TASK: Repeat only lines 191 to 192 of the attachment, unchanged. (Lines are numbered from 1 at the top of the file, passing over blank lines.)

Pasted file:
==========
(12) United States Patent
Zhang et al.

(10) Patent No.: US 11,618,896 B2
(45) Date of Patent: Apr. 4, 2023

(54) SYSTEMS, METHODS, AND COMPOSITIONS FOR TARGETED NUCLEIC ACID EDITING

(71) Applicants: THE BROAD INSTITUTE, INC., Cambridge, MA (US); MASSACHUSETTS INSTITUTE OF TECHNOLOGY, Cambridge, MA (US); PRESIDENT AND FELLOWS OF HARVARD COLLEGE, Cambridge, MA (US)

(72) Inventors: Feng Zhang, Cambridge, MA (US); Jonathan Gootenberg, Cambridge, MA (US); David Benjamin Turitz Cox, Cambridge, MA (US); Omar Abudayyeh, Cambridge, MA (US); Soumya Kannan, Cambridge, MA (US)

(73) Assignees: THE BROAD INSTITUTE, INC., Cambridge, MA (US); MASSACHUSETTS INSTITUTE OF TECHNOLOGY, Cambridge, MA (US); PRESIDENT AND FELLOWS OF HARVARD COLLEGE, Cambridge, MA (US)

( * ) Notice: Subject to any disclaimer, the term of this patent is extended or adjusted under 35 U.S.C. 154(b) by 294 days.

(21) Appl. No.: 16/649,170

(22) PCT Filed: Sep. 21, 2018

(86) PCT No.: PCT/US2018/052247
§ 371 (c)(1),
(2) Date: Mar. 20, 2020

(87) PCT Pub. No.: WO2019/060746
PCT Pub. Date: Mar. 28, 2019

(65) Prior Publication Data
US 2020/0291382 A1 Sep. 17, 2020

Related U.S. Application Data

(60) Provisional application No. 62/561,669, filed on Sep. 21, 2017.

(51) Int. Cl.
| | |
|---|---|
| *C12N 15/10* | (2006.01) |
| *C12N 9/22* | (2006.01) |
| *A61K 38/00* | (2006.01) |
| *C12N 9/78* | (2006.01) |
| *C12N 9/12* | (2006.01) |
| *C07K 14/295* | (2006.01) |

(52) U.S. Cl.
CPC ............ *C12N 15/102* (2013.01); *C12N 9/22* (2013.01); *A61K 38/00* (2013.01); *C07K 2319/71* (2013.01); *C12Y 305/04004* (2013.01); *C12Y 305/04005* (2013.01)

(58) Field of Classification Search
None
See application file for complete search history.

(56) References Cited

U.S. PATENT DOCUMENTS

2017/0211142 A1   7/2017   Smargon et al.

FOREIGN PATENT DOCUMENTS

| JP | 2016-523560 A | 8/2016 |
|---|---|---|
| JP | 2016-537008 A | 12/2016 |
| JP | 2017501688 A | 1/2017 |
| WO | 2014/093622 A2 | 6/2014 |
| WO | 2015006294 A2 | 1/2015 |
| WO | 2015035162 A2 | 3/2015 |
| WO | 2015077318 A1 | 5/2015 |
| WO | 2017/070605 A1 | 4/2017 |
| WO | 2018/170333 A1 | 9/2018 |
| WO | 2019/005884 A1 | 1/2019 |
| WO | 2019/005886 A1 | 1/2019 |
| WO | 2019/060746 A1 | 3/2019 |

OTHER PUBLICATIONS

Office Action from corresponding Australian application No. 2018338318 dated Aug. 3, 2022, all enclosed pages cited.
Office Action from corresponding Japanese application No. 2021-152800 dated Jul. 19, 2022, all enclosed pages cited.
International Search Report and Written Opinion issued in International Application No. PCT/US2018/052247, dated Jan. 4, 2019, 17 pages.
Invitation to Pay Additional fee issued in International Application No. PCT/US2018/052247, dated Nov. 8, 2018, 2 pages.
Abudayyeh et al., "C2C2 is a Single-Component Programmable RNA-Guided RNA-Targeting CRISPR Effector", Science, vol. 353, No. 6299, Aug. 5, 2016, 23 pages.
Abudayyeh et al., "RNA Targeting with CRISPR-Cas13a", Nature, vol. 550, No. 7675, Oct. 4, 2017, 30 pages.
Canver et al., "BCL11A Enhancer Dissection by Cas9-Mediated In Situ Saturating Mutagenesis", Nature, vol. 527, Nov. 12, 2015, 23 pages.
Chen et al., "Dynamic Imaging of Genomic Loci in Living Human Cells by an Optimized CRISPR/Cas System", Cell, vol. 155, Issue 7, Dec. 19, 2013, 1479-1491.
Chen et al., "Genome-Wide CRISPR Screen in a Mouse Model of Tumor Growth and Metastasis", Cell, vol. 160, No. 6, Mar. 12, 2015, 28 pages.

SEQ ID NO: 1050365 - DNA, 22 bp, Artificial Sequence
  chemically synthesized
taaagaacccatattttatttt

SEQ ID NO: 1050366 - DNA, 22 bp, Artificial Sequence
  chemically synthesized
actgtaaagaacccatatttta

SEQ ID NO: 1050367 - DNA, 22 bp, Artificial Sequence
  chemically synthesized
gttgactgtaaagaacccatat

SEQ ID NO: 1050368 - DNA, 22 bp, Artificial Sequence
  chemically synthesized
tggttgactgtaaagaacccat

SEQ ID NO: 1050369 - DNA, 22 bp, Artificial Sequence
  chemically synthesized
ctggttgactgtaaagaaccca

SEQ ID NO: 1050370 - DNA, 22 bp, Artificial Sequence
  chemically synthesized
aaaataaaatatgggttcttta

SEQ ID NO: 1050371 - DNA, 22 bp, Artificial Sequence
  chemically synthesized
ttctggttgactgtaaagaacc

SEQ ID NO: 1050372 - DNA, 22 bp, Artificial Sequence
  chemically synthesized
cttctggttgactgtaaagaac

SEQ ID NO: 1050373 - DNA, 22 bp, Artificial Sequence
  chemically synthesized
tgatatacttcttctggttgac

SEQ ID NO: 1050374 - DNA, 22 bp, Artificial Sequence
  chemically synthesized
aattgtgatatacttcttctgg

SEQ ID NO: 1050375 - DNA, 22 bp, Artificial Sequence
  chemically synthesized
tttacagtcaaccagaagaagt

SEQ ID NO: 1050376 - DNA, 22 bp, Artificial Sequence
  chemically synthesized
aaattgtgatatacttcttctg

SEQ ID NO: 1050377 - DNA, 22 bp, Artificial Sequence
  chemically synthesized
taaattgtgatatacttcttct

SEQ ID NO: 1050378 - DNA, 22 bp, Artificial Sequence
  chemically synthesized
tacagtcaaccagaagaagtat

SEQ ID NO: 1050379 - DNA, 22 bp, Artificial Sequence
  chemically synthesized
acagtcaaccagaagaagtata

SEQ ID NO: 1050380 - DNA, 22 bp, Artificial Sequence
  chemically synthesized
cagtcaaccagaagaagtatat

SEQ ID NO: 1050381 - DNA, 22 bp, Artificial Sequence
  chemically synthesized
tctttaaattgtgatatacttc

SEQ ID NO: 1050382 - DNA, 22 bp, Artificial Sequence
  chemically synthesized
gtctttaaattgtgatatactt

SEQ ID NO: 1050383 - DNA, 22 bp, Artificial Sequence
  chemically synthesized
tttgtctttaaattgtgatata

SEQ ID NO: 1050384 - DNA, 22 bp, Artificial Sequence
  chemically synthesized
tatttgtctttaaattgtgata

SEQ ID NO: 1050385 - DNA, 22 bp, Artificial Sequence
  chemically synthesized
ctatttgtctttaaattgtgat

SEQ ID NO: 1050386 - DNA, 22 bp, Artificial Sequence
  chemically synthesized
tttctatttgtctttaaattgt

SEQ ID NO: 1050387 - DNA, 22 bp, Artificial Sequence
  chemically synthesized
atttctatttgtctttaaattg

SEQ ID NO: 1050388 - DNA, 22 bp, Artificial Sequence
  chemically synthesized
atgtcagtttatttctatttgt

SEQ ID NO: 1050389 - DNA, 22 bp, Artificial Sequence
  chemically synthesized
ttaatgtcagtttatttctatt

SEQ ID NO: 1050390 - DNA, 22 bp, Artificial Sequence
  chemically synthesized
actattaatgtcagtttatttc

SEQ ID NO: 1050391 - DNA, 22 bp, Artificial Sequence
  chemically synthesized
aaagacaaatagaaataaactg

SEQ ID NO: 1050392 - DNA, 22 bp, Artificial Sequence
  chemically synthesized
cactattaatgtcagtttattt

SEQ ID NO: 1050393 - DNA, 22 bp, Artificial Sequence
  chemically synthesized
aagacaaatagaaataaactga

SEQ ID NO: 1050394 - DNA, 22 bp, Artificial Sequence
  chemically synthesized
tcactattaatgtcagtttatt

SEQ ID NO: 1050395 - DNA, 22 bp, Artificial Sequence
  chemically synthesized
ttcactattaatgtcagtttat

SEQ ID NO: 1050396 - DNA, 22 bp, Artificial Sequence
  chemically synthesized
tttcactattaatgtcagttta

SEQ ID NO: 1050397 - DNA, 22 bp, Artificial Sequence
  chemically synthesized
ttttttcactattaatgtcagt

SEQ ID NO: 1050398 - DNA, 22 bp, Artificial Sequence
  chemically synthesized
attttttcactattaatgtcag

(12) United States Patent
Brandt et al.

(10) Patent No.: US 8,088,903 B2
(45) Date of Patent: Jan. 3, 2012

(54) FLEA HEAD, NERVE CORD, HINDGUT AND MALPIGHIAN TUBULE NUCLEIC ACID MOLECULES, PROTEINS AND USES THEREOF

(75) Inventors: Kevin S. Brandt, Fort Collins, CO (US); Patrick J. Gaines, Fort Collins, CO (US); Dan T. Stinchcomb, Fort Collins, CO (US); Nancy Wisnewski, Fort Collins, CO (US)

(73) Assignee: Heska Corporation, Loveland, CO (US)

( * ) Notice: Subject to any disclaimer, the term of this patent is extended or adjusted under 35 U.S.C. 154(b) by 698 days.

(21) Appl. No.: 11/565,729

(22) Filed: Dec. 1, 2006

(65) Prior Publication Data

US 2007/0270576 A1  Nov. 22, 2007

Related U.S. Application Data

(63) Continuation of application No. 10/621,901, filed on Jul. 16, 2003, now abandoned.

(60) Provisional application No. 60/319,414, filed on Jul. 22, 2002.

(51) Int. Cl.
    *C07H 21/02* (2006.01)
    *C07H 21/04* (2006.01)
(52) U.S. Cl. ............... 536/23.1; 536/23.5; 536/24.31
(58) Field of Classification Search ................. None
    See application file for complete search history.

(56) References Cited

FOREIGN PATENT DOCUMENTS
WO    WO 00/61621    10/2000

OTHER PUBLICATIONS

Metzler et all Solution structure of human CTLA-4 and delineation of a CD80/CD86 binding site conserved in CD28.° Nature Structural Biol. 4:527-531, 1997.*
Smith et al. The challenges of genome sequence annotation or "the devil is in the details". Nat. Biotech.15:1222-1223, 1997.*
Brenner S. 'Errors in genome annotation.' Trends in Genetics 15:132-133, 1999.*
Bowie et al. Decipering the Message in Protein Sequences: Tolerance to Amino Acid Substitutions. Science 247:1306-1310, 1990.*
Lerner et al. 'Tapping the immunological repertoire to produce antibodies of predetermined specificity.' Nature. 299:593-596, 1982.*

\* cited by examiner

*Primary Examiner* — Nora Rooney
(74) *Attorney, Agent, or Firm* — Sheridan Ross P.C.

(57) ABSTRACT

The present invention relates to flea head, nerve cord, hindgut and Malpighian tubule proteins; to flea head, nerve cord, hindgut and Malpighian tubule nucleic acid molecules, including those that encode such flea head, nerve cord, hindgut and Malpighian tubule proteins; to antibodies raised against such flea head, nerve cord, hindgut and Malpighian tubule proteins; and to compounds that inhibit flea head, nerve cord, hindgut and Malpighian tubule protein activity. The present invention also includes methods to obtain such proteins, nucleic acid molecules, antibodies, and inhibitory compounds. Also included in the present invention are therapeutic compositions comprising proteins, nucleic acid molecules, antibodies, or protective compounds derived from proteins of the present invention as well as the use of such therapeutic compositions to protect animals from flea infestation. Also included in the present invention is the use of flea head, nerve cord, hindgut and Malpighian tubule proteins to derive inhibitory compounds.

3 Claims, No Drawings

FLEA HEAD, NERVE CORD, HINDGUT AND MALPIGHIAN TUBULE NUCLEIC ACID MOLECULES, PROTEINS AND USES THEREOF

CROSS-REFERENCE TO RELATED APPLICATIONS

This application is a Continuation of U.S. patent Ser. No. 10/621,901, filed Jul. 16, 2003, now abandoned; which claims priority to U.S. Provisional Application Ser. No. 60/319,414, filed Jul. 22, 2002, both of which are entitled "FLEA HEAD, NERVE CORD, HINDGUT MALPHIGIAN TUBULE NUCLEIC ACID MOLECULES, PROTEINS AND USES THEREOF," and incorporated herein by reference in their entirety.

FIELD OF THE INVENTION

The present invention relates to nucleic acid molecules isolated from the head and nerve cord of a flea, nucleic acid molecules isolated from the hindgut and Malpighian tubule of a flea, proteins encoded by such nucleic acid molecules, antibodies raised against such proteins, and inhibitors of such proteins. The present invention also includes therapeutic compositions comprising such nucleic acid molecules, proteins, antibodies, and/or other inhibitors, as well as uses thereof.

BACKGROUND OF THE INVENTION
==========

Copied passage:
Brenner S. 'Errors in genome annotation.' Trends in Genetics 15:132-133, 1999.*
Bowie et al. Decipering the Message in Protein Sequences: Tolerance to Amino Acid Substitutions. Science 247:1306-1310, 1990.*